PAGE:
Tai Chi What is it?

Tai Chi conjures up images of hundreds of elderly Chinese, practicing slow and flowing movements in unison. In fact it is practised to such an extent that, in the past, it has drawn the bewildered attention of tourists.

All over China many families rise early to complete their Tai Chi movements in the park, on the rooftops, in car parks and on balconies, in fact anywhere they can find a bit of space, before they go off to work or carry on with the rest of the day.

Who can benefit from the practice Tai Chi exercises?

The answer is just about everyone can improve their general health and well-being with Tai Chi. Regular practice reduces stress levels, relaxes the body, develops dynamic mind control and promotes good health. Tai Chi should was not designed to be used to fix specific health problems. Instead it treats the whole person on a continual basis, each individual regains lost vitality and movement due to their whole system working more efficiently. Tai Chi is an extraordinary tool that rewards its practitioners with improved good health that can be sustained by continual practise.

Health is not the same as fitness, you can be very fit but still unhealthy, and you can be healthy but not necessarily extremely fit. Again balance is the key. This is where Tai Chi leaves other forms of exercise way behind and why it is becoming more and more popular, and equally, why more and more people in the medical profession are sending their patients to Tai Chi classes.

Many are under the impression Tai Chi is just for the elderly, this is incorrect. Tai Chi should ideally be taught from an early age. Traditionally the art has always been passed from generation to generation, parents teaching their children almost as soon as they could walk. It is, however, such a safe exercise system that even the elderly benefit, which is why it is so popular amongst the older age group. Balance, the circulation within the various body systems and breathing all improve with practice, which makes Tai Chi perfect for those who suffer from stress or effects of poor posture, for those with joint problems or for those recuperating from illness. For the perfectly healthy it is an ideal exercise to stay that way!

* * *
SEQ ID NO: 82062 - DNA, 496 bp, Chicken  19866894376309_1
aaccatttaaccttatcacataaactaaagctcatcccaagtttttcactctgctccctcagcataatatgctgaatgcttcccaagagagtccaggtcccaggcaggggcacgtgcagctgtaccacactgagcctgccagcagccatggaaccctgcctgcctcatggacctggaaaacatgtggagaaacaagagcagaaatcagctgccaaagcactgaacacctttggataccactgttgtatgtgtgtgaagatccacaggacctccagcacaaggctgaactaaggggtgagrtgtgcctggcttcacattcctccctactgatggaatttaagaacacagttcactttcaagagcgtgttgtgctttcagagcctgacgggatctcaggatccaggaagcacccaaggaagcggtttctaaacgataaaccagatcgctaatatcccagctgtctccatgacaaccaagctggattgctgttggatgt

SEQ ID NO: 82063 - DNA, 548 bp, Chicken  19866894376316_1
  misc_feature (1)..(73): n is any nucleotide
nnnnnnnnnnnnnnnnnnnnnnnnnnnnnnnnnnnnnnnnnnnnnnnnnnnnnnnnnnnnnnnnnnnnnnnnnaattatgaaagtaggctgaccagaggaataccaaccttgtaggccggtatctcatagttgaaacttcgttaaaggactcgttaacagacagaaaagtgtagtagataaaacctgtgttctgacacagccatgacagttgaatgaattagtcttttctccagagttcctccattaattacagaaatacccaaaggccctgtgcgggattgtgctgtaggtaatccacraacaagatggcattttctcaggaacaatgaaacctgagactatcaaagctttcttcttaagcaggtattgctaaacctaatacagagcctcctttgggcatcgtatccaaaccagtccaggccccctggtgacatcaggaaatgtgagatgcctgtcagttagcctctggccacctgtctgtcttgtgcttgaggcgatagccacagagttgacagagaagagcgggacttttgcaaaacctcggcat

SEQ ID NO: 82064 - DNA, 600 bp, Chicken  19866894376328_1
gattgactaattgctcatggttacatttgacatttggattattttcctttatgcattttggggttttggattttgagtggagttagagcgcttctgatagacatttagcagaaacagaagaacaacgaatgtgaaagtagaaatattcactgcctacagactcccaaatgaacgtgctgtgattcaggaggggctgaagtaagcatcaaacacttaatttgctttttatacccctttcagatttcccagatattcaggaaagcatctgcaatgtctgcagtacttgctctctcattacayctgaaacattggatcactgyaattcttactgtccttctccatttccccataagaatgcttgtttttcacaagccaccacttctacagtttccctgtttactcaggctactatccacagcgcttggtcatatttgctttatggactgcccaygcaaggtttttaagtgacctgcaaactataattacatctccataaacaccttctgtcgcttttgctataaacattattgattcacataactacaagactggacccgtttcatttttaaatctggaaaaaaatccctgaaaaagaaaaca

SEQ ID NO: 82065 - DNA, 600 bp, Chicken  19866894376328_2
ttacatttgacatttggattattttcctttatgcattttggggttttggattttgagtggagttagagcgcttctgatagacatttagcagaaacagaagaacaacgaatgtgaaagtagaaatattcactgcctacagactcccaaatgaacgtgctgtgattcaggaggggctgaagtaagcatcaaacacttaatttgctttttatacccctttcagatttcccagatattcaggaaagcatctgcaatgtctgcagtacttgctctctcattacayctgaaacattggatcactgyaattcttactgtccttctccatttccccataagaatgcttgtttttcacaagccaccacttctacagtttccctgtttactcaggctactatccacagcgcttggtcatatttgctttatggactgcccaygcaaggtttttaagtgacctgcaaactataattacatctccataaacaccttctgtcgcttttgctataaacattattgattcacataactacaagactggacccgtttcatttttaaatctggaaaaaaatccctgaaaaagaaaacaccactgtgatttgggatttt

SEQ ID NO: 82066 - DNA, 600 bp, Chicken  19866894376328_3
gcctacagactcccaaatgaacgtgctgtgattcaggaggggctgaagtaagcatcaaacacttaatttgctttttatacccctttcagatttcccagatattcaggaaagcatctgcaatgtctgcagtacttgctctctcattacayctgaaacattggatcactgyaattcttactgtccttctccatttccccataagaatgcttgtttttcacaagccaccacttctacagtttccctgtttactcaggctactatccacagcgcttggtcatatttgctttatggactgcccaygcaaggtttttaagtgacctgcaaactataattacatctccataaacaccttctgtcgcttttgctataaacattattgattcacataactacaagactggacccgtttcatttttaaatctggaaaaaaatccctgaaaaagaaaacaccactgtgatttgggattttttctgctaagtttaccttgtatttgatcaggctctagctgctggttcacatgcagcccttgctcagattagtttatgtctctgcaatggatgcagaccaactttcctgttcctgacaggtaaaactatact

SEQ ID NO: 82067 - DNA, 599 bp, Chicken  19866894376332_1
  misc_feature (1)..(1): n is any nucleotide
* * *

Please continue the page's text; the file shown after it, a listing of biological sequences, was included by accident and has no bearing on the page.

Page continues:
Another incorrect view it that there are only two or three styles, there are many, many different Tai Chi styles, which were and are still being passed on as family traditions, a bit like ‘Grandmother’s best recipe’. So it is not surprising that all are a little different, some longer than others, some more health than others, some more obvious as a martial art. While in China the various styles are practised next to each other in the parks, in the West there are some Tai Chi schools which proclaim that their style is ‘best’, which of course is nonsense. At present, in England, mainly the Yang Style, the Chen Style, the Wu Style and the Lee Style the later sometimes often called Li Style and the main styles practised.